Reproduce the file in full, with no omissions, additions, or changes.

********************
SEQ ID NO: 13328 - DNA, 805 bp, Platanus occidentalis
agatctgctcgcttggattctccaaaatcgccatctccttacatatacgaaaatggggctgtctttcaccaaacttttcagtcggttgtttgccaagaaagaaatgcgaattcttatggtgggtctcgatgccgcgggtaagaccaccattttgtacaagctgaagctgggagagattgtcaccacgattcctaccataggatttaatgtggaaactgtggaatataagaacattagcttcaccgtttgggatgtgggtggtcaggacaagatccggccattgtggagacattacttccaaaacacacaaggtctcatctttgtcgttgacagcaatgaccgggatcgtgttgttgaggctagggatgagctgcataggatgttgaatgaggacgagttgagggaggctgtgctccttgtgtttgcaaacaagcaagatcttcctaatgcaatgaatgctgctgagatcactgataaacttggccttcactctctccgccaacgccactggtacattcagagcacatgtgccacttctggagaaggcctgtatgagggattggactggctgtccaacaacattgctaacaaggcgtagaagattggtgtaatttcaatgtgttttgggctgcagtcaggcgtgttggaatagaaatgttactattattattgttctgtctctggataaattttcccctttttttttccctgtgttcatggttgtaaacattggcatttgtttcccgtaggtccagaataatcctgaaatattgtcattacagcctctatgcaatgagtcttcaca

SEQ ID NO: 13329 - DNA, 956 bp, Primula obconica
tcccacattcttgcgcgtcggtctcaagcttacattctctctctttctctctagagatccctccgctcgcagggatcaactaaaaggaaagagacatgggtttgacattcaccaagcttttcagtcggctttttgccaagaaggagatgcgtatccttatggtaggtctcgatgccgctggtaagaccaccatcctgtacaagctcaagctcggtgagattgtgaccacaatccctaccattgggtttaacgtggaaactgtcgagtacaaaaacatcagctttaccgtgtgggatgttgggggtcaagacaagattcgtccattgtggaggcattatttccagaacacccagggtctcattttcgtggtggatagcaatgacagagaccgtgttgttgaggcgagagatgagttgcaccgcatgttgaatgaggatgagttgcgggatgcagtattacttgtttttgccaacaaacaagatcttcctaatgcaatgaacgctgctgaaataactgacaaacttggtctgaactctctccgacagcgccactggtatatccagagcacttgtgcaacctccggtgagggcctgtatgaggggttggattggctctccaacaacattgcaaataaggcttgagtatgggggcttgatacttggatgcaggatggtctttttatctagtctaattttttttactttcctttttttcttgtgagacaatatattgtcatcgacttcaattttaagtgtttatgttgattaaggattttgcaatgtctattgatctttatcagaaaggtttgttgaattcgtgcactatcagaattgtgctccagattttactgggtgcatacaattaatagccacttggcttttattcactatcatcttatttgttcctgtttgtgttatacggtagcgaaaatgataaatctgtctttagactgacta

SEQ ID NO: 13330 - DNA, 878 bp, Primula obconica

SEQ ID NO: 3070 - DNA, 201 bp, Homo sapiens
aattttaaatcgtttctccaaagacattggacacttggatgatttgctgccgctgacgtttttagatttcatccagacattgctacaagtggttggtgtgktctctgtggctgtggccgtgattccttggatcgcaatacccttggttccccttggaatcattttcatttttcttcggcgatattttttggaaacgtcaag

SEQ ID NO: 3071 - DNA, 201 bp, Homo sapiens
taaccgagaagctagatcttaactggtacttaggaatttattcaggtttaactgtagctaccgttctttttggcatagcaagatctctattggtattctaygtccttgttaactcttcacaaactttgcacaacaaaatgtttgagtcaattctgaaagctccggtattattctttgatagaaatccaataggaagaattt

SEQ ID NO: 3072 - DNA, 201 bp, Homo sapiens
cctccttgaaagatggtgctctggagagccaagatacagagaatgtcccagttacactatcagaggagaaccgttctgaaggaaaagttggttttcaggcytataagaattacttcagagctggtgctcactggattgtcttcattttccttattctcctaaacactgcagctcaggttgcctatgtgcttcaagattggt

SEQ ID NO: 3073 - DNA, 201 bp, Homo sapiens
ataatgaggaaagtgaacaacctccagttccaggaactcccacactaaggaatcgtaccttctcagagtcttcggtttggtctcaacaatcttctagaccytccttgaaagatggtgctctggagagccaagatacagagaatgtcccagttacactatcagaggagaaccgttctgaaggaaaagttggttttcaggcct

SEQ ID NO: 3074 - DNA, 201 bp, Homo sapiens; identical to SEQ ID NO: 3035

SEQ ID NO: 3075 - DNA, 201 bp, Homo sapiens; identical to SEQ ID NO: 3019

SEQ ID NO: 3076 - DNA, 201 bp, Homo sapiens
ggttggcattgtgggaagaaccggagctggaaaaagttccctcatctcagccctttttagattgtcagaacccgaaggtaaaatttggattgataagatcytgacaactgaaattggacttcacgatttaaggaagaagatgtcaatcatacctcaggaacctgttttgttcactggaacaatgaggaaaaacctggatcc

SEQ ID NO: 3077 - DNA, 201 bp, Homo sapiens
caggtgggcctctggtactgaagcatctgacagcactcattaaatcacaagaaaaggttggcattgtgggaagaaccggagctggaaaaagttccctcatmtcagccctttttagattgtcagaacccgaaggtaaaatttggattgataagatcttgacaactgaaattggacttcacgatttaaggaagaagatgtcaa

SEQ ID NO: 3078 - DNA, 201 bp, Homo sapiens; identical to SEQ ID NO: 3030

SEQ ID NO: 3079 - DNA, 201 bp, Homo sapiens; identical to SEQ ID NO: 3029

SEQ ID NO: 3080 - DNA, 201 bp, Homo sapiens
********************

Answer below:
SEQ ID NO: 13328 - DNA, 805 bp, Platanus occidentalis
agatctgctcgcttggattctccaaaatcgccatctccttacatatacgaaaatggggctgtctttcaccaaacttttcagtcggttgtttgccaagaaagaaatgcgaattcttatggtgggtctcgatgccgcgggtaagaccaccattttgtacaagctgaagctgggagagattgtcaccacgattcctaccataggatttaatgtggaaactgtggaatataagaacattagcttcaccgtttgggatgtgggtggtcaggacaagatccggccattgtggagacattacttccaaaacacacaaggtctcatctttgtcgttgacagcaatgaccgggatcgtgttgttgaggctagggatgagctgcataggatgttgaatgaggacgagttgagggaggctgtgctccttgtgtttgcaaacaagcaagatcttcctaatgcaatgaatgctgctgagatcactgataaacttggccttcactctctccgccaacgccactggtacattcagagcacatgtgccacttctggagaaggcctgtatgagggattggactggctgtccaacaacattgctaacaaggcgtagaagattggtgtaatttcaatgtgttttgggctgcagtcaggcgtgttggaatagaaatgttactattattattgttctgtctctggataaattttcccctttttttttccctgtgttcatggttgtaaacattggcatttgtttcccgtaggtccagaataatcctgaaatattgtcattacagcctctatgcaatgagtcttcaca

SEQ ID NO: 13329 - DNA, 956 bp, Primula obconica
tcccacattcttgcgcgtcggtctcaagcttacattctctctctttctctctagagatccctccgctcgcagggatcaactaaaaggaaagagacatgggtttgacattcaccaagcttttcagtcggctttttgccaagaaggagatgcgtatccttatggtaggtctcgatgccgctggtaagaccaccatcctgtacaagctcaagctcggtgagattgtgaccacaatccctaccattgggtttaacgtggaaactgtcgagtacaaaaacatcagctttaccgtgtgggatgttgggggtcaagacaagattcgtccattgtggaggcattatttccagaacacccagggtctcattttcgtggtggatagcaatgacagagaccgtgttgttgaggcgagagatgagttgcaccgcatgttgaatgaggatgagttgcgggatgcagtattacttgtttttgccaacaaacaagatcttcctaatgcaatgaacgctgctgaaataactgacaaacttggtctgaactctctccgacagcgccactggtatatccagagcacttgtgcaacctccggtgagggcctgtatgaggggttggattggctctccaacaacattgcaaataaggcttgagtatgggggcttgatacttggatgcaggatggtctttttatctagtctaattttttttactttcctttttttcttgtgagacaatatattgtcatcgacttcaattttaagtgtttatgttgattaaggattttgcaatgtctattgatctttatcagaaaggtttgttgaattcgtgcactatcagaattgtgctccagattttactgggtgcatacaattaatagccacttggcttttattcactatcatcttatttgttcctgtttgtgttatacggtagcgaaaatgataaatctgtctttagactgacta

SEQ ID NO: 13330 - DNA, 878 bp, Primula obconica

SEQ ID NO: 3070 - DNA, 201 bp, Homo sapiens
aattttaaatcgtttctccaaagacattggacacttggatgatttgctgccgctgacgtttttagatttcatccagacattgctacaagtggttggtgtgktctctgtggctgtggccgtgattccttggatcgcaatacccttggttccccttggaatcattttcatttttcttcggcgatattttttggaaacgtcaag

SEQ ID NO: 3071 - DNA, 201 bp, Homo sapiens
taaccgagaagctagatcttaactggtacttaggaatttattcaggtttaactgtagctaccgttctttttggcatagcaagatctctattggtattctaygtccttgttaactcttcacaaactttgcacaacaaaatgtttgagtcaattctgaaagctccggtattattctttgatagaaatccaataggaagaattt

SEQ ID NO: 3072 - DNA, 201 bp, Homo sapiens
cctccttgaaagatggtgctctggagagccaagatacagagaatgtcccagttacactatcagaggagaaccgttctgaaggaaaagttggttttcaggcytataagaattacttcagagctggtgctcactggattgtcttcattttccttattctcctaaacactgcagctcaggttgcctatgtgcttcaagattggt

SEQ ID NO: 3073 - DNA, 201 bp, Homo sapiens
ataatgaggaaagtgaacaacctccagttccaggaactcccacactaaggaatcgtaccttctcagagtcttcggtttggtctcaacaatcttctagaccytccttgaaagatggtgctctggagagccaagatacagagaatgtcccagttacactatcagaggagaaccgttctgaaggaaaagttggttttcaggcct

SEQ ID NO: 3074 - DNA, 201 bp, Homo sapiens; identical to SEQ ID NO: 3035

SEQ ID NO: 3075 - DNA, 201 bp, Homo sapiens; identical to SEQ ID NO: 3019

SEQ ID NO: 3076 - DNA, 201 bp, Homo sapiens
ggttggcattgtgggaagaaccggagctggaaaaagttccctcatctcagccctttttagattgtcagaacccgaaggtaaaatttggattgataagatcytgacaactgaaattggacttcacgatttaaggaagaagatgtcaatcatacctcaggaacctgttttgttcactggaacaatgaggaaaaacctggatcc

SEQ ID NO: 3077 - DNA, 201 bp, Homo sapiens
caggtgggcctctggtactgaagcatctgacagcactcattaaatcacaagaaaaggttggcattgtgggaagaaccggagctggaaaaagttccctcatmtcagccctttttagattgtcagaacccgaaggtaaaatttggattgataagatcttgacaactgaaattggacttcacgatttaaggaagaagatgtcaa

SEQ ID NO: 3078 - DNA, 201 bp, Homo sapiens; identical to SEQ ID NO: 3030

SEQ ID NO: 3079 - DNA, 201 bp, Homo sapiens; identical to SEQ ID NO: 3029

SEQ ID NO: 3080 - DNA, 201 bp, Homo sapiens